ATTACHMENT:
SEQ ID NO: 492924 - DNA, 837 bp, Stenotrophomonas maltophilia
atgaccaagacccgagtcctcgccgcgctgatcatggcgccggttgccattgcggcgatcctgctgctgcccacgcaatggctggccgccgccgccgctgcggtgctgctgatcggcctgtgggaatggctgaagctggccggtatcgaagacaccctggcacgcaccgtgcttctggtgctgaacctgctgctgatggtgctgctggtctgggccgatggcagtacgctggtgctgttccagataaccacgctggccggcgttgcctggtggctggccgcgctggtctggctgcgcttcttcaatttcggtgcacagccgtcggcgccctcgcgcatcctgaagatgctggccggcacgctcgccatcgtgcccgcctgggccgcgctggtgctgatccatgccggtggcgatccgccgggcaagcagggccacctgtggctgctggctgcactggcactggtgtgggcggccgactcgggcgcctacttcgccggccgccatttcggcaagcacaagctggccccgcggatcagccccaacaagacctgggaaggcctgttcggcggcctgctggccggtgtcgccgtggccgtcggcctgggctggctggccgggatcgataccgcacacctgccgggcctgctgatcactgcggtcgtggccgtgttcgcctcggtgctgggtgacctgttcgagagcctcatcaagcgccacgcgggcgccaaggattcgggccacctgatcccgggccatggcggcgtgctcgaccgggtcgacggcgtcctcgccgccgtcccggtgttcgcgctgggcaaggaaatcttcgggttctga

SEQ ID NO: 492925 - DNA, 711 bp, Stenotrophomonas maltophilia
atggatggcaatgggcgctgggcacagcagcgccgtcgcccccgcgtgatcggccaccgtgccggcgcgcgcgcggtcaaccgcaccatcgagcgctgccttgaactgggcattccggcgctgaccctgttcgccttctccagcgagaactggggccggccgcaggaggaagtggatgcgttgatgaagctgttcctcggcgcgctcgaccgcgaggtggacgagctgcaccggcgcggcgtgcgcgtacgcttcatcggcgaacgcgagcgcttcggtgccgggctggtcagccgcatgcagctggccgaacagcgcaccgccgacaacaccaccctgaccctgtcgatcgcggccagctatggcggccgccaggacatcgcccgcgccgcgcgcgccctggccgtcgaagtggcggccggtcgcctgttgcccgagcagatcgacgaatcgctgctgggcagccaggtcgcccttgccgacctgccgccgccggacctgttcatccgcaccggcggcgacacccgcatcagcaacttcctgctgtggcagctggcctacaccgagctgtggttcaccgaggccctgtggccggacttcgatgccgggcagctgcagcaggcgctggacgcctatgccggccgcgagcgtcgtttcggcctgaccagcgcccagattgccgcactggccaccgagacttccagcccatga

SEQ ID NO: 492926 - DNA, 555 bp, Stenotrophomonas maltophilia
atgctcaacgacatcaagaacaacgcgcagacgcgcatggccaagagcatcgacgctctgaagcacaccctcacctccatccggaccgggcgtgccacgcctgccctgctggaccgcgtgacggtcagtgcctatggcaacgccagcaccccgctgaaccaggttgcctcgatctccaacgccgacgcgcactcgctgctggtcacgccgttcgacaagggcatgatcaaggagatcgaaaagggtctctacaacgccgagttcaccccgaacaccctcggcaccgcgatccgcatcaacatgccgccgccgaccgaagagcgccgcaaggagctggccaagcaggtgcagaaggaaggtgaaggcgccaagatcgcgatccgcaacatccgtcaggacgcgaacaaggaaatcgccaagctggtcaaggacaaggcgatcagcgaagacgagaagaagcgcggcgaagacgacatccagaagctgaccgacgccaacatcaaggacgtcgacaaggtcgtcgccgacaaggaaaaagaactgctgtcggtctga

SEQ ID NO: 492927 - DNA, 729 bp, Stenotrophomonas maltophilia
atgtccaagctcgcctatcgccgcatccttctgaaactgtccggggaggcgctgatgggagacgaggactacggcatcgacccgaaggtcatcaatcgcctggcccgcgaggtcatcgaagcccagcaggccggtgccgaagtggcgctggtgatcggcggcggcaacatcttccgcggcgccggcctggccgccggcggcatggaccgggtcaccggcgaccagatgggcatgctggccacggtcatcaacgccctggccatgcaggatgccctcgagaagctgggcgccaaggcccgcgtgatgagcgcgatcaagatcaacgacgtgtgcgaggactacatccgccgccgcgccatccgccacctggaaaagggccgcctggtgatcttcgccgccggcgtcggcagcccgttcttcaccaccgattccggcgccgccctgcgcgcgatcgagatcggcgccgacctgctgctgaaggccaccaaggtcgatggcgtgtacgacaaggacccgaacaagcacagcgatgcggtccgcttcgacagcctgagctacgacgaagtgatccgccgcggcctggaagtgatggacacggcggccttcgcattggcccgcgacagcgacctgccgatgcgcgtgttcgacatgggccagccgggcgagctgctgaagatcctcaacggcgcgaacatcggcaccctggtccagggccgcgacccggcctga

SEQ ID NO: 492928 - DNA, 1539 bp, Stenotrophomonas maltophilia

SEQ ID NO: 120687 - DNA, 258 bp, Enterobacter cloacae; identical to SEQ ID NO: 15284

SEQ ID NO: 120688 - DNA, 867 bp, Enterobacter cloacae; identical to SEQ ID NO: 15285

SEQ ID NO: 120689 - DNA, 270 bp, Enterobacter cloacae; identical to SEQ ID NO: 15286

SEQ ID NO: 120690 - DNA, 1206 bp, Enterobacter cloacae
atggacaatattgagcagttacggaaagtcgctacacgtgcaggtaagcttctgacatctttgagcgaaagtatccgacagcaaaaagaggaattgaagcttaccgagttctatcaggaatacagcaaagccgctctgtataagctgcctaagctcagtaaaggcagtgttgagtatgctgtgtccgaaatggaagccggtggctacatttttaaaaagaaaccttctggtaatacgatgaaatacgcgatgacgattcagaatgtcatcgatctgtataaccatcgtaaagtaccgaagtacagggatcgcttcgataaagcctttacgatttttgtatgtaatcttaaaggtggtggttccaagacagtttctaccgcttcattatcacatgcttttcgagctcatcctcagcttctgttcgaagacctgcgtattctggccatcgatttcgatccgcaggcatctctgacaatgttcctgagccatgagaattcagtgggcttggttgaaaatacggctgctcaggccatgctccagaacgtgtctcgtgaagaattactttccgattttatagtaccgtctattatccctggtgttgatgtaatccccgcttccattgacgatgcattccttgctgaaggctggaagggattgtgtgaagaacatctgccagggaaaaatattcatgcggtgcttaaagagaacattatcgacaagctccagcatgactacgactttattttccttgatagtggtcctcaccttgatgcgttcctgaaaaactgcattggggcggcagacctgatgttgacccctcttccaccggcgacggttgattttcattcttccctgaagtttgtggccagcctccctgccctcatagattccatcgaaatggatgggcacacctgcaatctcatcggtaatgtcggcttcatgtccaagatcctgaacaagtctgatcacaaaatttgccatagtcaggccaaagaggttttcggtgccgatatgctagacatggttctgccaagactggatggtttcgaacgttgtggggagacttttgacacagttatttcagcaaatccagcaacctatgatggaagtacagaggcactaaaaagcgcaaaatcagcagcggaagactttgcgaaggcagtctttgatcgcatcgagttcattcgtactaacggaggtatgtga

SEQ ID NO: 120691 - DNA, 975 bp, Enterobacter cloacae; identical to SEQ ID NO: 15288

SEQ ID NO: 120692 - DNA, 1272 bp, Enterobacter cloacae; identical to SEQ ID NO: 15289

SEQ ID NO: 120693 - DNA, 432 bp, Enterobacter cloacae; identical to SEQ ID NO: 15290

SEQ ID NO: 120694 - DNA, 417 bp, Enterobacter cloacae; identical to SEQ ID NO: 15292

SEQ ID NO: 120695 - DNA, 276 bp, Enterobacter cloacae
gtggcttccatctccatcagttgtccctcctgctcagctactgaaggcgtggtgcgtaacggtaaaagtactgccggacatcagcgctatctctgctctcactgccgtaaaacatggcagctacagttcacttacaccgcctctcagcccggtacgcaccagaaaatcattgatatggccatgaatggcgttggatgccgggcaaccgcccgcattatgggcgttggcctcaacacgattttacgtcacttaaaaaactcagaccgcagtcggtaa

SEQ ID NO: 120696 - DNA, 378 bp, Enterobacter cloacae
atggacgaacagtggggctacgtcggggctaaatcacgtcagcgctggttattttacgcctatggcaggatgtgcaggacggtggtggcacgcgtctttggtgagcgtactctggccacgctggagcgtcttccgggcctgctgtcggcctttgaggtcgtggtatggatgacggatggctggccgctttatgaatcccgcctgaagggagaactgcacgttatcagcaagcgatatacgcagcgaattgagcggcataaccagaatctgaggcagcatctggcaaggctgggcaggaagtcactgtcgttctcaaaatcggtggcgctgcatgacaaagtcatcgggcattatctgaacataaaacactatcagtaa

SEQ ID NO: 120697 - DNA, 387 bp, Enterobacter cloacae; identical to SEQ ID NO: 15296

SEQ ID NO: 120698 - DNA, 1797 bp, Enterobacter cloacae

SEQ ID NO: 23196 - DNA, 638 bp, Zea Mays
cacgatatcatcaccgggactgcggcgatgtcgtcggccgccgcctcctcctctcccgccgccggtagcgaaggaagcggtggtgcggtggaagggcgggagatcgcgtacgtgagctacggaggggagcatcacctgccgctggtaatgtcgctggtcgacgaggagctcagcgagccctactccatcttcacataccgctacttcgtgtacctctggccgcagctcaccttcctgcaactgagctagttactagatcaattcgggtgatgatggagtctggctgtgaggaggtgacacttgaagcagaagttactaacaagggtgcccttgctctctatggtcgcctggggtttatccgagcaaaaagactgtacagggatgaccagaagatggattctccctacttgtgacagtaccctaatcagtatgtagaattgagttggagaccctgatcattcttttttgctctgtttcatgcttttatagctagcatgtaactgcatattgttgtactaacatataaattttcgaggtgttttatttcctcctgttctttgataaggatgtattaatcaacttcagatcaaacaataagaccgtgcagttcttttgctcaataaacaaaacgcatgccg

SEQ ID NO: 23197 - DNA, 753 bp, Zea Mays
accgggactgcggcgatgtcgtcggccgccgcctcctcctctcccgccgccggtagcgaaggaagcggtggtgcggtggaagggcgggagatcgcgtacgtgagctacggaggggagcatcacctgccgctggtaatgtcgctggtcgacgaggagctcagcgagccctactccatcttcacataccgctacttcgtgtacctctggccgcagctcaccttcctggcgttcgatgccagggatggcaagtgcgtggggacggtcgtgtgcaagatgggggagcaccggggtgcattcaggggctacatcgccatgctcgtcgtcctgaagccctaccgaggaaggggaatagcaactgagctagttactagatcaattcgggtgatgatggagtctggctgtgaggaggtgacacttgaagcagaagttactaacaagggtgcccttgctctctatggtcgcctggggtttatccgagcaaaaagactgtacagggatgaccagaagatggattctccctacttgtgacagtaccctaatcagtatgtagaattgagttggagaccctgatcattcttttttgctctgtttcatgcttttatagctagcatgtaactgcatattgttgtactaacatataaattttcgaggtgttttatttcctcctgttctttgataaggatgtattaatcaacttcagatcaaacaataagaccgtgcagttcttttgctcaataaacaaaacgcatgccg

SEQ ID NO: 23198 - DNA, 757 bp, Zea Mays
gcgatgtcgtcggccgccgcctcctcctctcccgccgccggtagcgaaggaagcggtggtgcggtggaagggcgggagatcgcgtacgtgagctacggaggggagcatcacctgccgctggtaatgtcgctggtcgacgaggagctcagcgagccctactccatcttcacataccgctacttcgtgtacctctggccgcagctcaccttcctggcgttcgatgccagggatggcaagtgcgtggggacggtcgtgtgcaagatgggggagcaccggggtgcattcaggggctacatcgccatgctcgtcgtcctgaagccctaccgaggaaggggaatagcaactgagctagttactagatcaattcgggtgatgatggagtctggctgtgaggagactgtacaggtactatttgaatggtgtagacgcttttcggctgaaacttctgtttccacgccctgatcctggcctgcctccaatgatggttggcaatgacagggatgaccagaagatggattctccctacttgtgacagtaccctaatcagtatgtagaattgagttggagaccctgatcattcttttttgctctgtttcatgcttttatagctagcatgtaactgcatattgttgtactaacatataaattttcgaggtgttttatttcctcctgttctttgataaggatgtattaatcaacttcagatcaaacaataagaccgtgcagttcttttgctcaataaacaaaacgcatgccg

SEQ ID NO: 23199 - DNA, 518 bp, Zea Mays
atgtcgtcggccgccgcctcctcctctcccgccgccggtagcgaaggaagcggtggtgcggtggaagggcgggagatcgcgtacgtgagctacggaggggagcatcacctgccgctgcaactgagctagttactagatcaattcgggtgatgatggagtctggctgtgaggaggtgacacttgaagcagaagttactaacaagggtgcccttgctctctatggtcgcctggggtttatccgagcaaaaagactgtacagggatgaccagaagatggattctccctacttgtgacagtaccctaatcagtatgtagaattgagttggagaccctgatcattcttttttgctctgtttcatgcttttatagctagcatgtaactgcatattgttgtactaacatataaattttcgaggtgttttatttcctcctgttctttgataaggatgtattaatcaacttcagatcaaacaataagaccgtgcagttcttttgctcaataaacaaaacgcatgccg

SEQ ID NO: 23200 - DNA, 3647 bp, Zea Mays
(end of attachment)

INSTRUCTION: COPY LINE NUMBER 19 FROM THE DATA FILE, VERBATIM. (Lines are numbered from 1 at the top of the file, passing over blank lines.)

SEQ ID NO: 120695 - DNA, 276 bp, Enterobacter cloacae